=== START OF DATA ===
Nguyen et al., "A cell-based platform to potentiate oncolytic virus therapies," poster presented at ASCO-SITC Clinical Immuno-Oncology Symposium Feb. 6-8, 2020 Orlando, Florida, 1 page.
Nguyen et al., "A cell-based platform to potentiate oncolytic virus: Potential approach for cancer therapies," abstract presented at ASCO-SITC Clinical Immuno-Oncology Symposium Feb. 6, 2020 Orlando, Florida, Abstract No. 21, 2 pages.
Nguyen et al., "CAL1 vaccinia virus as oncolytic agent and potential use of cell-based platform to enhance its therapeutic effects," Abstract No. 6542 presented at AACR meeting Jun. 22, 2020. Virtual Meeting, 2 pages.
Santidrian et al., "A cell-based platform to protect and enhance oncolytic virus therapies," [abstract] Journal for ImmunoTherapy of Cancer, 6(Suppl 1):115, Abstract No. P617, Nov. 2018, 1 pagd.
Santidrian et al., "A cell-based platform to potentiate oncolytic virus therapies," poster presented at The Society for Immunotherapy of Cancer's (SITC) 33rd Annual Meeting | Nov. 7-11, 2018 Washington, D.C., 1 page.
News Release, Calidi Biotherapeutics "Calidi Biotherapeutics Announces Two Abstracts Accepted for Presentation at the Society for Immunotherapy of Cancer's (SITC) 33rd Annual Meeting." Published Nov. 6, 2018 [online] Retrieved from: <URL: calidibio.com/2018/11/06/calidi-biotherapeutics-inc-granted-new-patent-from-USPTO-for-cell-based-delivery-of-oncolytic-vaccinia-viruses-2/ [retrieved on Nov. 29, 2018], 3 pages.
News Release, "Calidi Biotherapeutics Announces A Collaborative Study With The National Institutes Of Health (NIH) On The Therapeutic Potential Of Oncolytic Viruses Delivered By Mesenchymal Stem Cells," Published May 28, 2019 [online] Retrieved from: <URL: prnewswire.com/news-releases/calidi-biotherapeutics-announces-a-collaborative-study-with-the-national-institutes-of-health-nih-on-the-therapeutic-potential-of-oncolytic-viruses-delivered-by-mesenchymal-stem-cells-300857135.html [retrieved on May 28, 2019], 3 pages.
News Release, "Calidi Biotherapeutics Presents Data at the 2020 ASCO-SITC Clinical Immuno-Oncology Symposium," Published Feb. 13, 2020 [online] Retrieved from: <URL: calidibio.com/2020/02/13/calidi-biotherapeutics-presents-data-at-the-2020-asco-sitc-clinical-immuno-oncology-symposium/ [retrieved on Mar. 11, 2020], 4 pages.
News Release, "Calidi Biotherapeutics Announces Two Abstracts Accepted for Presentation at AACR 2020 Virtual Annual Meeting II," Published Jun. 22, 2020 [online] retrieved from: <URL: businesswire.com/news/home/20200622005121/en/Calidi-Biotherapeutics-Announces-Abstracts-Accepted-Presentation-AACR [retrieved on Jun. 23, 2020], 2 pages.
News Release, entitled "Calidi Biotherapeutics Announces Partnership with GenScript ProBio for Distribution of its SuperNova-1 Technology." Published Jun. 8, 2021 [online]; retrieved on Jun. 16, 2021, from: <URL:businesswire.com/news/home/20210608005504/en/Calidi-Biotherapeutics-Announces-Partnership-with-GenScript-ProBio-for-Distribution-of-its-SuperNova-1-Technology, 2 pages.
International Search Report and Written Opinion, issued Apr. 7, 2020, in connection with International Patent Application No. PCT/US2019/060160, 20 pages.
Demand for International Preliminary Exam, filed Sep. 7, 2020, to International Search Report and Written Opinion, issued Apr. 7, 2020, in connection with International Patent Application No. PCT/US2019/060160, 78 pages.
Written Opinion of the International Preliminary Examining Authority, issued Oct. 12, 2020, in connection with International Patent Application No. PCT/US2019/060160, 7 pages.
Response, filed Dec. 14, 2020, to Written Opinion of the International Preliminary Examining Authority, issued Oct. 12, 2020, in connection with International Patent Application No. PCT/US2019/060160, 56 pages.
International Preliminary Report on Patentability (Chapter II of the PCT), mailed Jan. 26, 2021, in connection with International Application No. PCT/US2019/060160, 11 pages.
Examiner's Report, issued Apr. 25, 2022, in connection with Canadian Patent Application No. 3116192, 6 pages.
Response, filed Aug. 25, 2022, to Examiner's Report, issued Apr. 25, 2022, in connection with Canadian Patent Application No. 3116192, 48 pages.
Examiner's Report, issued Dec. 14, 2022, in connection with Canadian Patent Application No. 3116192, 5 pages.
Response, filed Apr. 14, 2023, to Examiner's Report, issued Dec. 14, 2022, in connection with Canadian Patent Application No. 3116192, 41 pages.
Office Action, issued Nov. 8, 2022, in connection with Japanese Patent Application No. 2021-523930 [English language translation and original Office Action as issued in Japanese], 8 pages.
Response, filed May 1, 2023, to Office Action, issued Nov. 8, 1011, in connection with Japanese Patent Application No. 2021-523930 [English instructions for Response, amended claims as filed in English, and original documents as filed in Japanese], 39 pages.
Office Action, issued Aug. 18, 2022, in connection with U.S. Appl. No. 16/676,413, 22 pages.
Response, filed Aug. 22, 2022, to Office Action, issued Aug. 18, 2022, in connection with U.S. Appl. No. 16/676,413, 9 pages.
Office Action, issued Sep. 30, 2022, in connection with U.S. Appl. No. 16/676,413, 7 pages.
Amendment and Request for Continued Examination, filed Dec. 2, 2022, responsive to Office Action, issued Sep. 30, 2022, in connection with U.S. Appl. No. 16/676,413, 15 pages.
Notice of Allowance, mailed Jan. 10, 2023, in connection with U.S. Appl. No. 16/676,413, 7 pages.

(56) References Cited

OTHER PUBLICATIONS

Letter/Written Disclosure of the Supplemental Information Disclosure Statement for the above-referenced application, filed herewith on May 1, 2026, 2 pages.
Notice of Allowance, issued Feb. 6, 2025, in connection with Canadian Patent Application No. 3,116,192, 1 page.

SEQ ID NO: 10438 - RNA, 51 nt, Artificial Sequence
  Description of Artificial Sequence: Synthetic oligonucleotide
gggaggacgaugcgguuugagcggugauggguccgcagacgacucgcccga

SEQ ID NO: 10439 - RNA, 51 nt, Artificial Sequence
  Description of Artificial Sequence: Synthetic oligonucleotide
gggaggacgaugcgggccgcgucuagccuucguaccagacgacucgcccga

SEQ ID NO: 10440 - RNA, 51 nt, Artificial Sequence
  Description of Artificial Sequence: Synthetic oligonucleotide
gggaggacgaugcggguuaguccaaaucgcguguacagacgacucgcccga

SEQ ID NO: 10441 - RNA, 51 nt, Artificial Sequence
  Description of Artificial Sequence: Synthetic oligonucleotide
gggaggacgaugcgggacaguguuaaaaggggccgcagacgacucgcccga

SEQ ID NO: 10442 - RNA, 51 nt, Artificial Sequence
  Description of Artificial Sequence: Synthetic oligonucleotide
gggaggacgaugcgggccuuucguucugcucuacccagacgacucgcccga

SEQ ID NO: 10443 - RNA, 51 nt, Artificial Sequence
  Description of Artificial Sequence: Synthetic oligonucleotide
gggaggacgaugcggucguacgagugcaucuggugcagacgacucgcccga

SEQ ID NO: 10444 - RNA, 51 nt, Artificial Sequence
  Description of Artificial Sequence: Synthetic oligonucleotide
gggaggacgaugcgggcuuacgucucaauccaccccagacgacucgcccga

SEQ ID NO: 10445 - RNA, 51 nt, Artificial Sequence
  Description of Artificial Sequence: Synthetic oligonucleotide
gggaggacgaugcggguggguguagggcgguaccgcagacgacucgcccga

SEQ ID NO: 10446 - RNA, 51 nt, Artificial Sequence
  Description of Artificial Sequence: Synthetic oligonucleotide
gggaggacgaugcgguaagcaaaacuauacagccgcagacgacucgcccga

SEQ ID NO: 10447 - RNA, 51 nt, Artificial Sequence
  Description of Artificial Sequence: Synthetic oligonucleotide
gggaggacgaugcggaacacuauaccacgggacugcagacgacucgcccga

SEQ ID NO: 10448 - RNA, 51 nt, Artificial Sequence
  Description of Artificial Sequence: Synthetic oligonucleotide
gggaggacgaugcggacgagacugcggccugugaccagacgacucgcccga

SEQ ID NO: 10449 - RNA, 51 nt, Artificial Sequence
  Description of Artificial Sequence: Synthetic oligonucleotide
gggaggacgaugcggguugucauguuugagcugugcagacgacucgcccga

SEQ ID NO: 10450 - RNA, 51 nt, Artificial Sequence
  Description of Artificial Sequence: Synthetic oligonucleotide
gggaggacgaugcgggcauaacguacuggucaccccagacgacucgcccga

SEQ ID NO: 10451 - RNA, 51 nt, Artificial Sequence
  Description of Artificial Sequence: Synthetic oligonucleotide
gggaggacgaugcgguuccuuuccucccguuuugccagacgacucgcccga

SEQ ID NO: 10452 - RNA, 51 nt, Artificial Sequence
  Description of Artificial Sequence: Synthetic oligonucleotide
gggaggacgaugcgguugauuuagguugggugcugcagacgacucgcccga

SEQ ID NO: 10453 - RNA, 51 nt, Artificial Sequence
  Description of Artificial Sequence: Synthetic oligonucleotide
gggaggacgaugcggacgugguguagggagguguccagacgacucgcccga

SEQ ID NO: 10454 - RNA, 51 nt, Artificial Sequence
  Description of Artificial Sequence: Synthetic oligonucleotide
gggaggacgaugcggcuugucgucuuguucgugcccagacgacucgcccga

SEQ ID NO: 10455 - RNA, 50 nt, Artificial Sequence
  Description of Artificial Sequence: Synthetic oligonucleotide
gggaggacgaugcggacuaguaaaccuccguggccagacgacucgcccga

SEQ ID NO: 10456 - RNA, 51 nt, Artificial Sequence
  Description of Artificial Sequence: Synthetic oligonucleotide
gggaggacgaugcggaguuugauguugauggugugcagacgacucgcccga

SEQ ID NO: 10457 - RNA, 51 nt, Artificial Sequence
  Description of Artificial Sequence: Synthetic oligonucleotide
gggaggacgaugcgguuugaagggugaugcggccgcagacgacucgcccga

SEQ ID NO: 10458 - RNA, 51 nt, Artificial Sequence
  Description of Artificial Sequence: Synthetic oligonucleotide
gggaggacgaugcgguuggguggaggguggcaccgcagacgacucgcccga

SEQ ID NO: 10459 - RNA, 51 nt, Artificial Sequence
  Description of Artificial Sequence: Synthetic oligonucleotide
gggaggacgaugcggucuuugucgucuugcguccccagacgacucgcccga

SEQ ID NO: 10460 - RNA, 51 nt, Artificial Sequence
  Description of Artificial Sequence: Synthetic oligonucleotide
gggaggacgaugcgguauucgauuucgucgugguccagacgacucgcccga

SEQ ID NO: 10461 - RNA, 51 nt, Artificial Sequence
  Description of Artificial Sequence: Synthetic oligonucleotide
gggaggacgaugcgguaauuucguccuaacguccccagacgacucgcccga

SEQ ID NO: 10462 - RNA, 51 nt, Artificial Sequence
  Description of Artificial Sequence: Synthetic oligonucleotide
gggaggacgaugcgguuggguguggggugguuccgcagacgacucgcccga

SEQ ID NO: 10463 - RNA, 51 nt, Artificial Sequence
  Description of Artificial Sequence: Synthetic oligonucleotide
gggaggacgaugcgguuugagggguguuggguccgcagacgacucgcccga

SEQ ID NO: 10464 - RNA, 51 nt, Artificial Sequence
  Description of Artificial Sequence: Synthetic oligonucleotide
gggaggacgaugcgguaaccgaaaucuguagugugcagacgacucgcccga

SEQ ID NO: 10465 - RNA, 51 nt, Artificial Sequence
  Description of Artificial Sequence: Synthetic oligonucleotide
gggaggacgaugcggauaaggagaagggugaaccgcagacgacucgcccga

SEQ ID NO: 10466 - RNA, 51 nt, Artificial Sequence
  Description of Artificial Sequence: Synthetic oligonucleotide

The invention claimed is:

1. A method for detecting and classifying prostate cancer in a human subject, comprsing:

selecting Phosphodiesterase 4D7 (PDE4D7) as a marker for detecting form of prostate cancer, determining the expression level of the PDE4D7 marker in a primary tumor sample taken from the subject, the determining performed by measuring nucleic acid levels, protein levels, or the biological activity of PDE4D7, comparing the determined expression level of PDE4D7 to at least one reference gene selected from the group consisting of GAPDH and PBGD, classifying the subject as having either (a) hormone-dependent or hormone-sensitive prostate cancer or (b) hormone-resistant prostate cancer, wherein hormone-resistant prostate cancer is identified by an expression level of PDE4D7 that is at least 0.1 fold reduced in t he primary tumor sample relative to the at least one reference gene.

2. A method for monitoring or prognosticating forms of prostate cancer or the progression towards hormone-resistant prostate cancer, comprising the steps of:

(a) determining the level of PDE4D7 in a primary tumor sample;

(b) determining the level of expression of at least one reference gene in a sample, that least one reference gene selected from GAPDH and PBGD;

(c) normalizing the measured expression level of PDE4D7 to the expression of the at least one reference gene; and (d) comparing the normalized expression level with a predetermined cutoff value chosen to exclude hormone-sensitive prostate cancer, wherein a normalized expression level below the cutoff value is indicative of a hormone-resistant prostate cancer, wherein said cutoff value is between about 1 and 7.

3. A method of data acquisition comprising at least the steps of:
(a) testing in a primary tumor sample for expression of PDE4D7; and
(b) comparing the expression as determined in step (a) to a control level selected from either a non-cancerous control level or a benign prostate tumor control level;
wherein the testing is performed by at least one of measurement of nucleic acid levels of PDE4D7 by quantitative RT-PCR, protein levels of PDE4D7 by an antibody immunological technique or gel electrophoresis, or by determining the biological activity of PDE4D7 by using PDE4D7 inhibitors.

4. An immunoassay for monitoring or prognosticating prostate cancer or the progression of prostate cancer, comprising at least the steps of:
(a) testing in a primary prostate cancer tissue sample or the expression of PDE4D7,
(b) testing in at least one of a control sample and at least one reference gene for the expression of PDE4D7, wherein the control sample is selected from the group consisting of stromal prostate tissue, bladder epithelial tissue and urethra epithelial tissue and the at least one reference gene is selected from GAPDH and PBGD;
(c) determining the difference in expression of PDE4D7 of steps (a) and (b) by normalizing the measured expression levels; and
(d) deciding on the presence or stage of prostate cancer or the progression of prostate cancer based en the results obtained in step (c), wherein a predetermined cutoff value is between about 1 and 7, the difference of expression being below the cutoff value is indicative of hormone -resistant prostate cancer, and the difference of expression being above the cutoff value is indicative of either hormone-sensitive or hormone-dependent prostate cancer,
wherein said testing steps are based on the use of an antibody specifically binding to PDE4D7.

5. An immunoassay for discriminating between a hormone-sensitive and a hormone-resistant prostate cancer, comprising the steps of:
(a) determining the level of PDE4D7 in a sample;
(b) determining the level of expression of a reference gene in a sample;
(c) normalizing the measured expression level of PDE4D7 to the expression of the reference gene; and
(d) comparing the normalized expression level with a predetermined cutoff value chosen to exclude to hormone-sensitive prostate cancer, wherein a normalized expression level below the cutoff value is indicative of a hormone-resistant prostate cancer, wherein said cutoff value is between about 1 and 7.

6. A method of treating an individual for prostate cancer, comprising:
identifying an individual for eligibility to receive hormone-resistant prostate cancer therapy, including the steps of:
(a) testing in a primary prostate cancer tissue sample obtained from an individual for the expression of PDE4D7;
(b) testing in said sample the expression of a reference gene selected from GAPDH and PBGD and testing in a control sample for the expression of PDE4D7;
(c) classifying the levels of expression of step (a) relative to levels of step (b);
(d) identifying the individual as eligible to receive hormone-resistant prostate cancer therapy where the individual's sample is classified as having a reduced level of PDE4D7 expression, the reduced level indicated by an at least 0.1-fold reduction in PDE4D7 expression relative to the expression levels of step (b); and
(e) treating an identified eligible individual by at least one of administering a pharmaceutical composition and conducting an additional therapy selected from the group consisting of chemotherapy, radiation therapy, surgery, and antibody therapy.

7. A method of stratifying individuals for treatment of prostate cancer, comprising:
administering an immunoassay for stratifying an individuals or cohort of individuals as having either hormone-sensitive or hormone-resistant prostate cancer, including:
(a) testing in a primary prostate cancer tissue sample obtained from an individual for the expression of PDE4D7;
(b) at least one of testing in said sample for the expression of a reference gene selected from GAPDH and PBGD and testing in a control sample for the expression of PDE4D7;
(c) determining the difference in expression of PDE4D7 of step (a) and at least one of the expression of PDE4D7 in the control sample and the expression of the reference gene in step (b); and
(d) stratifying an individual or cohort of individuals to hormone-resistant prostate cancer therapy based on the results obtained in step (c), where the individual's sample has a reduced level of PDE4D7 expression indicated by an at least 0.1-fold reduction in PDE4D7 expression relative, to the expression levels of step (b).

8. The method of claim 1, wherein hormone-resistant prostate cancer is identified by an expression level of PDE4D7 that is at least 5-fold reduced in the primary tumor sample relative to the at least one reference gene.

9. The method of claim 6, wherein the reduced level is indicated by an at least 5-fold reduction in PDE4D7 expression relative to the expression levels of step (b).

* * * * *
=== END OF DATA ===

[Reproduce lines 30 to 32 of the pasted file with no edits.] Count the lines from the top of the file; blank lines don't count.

Notice of Allowance, issued Feb. 6, 2025, in connection with Canadian Patent Application No. 3,116,192, 1 page.

SEQ ID NO: 10438 - RNA, 51 nt, Artificial Sequence
  Description of Artificial Sequence: Synthetic oligonucleotide